14. Fix Nucleon Positions Even though the nucleon positions in the nucleus are supposed to be uncertain there are several parameters that indicate the opposite is true. The magnetic dipole and spin are fixed values, that are sums of all the individual nucleons. These do not deviate and are so stable that the magnetic field can be used to orient the nucleus.


15. Why is He4 or the alpha particle so stable and why does the alpha seem to play such a dominant roll in the nucleus?

16. The He4 to Li6 jump or step. Why are there no stable nuclei with 5 nucleons?

17. The Li7 to Be9 jump or step. Why are there no stable nuclei with 8 nucleons?

18. Why are there no stable nuclei that have 19 or 21 neutrons in the nucleus?
    a. And additionally why are there no stable nuclei that have
        35, 39, 45, 61, 71, 89, 115 and 123 neutrons in the nucleus?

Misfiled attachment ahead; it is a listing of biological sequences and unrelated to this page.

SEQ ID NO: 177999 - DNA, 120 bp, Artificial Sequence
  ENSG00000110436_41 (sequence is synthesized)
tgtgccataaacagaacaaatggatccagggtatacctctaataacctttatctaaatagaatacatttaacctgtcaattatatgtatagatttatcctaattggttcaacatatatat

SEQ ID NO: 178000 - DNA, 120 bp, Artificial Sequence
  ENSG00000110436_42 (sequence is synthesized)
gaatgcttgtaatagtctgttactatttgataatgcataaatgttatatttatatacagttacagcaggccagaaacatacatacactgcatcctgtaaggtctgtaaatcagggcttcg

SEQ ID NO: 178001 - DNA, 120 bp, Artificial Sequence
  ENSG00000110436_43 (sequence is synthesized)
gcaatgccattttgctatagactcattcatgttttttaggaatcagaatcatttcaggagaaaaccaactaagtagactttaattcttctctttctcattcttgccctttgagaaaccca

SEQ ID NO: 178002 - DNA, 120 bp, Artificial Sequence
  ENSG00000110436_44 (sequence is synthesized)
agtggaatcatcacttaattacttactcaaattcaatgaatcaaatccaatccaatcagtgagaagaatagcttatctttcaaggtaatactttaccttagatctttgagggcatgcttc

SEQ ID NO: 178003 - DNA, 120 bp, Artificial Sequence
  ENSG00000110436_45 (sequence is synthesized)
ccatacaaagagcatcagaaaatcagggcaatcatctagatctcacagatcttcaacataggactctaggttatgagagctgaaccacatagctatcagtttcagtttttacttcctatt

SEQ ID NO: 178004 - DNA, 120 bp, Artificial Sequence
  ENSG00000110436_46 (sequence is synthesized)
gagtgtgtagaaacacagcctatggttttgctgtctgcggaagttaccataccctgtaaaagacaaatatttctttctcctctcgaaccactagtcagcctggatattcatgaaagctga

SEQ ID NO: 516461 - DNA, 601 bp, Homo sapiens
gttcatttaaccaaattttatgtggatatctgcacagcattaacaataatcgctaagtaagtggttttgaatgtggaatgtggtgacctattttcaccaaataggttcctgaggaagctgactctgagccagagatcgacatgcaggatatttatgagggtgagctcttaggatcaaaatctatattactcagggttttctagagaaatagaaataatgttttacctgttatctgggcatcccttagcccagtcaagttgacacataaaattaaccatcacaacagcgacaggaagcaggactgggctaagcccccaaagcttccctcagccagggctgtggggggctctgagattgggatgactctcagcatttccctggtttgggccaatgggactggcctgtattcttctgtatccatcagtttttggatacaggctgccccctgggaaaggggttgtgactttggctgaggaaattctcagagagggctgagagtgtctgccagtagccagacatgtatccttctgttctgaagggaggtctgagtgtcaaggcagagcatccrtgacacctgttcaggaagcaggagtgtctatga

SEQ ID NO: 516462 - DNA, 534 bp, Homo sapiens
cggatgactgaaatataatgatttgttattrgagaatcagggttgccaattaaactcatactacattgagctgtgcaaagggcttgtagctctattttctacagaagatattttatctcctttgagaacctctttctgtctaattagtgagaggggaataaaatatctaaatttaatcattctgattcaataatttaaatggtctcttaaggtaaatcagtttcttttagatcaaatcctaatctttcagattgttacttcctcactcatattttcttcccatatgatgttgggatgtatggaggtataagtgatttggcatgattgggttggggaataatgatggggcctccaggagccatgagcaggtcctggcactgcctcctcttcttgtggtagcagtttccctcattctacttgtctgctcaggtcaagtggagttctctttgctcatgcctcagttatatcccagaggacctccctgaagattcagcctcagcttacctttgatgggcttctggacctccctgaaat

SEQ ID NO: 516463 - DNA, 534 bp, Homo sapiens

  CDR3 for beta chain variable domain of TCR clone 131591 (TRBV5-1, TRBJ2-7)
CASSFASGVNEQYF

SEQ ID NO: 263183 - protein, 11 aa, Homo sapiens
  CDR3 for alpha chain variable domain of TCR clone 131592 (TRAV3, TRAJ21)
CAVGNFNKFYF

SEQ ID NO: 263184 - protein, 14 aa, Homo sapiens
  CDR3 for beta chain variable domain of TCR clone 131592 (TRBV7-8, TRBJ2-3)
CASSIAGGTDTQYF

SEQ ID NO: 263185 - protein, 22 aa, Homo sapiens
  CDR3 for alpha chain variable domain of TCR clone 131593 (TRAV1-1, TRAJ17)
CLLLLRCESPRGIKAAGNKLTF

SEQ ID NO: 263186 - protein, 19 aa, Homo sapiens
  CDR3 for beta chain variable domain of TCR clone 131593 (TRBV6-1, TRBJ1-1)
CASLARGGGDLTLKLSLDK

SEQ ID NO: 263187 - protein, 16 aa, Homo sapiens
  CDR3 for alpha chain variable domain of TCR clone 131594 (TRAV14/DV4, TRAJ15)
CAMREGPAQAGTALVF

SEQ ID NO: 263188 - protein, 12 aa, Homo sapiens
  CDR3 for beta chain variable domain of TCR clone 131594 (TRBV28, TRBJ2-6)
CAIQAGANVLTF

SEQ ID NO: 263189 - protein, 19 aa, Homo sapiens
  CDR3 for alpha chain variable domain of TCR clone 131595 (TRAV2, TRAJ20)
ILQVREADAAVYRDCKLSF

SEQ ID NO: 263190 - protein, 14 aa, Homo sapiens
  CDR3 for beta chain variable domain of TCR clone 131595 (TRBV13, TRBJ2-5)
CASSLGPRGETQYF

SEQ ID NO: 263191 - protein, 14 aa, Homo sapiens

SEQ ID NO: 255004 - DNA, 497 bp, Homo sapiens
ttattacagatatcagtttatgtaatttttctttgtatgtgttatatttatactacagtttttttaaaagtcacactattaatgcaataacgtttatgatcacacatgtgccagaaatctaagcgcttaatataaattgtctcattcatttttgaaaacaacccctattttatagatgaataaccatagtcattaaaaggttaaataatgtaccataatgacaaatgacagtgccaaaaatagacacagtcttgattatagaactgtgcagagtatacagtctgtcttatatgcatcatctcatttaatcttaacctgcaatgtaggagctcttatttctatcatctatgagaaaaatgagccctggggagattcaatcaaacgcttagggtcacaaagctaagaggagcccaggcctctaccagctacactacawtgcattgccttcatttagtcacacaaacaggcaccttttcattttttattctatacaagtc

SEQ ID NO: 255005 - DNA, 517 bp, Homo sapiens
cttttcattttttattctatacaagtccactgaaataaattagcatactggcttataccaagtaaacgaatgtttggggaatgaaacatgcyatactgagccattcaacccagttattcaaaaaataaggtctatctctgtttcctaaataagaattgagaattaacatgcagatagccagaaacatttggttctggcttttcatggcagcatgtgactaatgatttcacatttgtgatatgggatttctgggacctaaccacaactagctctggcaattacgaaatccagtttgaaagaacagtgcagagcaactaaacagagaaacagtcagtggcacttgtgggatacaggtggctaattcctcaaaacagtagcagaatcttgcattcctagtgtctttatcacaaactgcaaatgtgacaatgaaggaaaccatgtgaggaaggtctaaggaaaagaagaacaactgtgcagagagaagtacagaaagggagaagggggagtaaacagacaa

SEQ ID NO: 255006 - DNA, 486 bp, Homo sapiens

These are all odd numbers!

19. Why are there no stable nuclei that have 43 or 61 protons in the nucleus?
         These are also odd numbers!
    a. And why are there no stable nuclei that have more than 83 protons in the nucleus?

20. What happens in the nucleus at argon that requires a few extra neutrons in the nucleus?

21. What happens in the nucleus after nickel62, copper63 and zinc64?
    a. There is a gap at 35 neutrons.
    b. The maximum binding energy is achieved.
    c. The slope defining the valley of stability flattens.

22. Why are there no stable nuclei with 147 and 149 nucleons?
    a. This all corresponds with the neutron gap at 87 and 89 neutrons
        and the proton gap at 61 protons. What happens in the nucleus at promethium?

23. What happens in the nucleus at bismuth the last stable isotope?

24. Why does the uranium island of semi stability exist?

As you proceed thru this site everyone of these questions will be answered by the model presented in this site.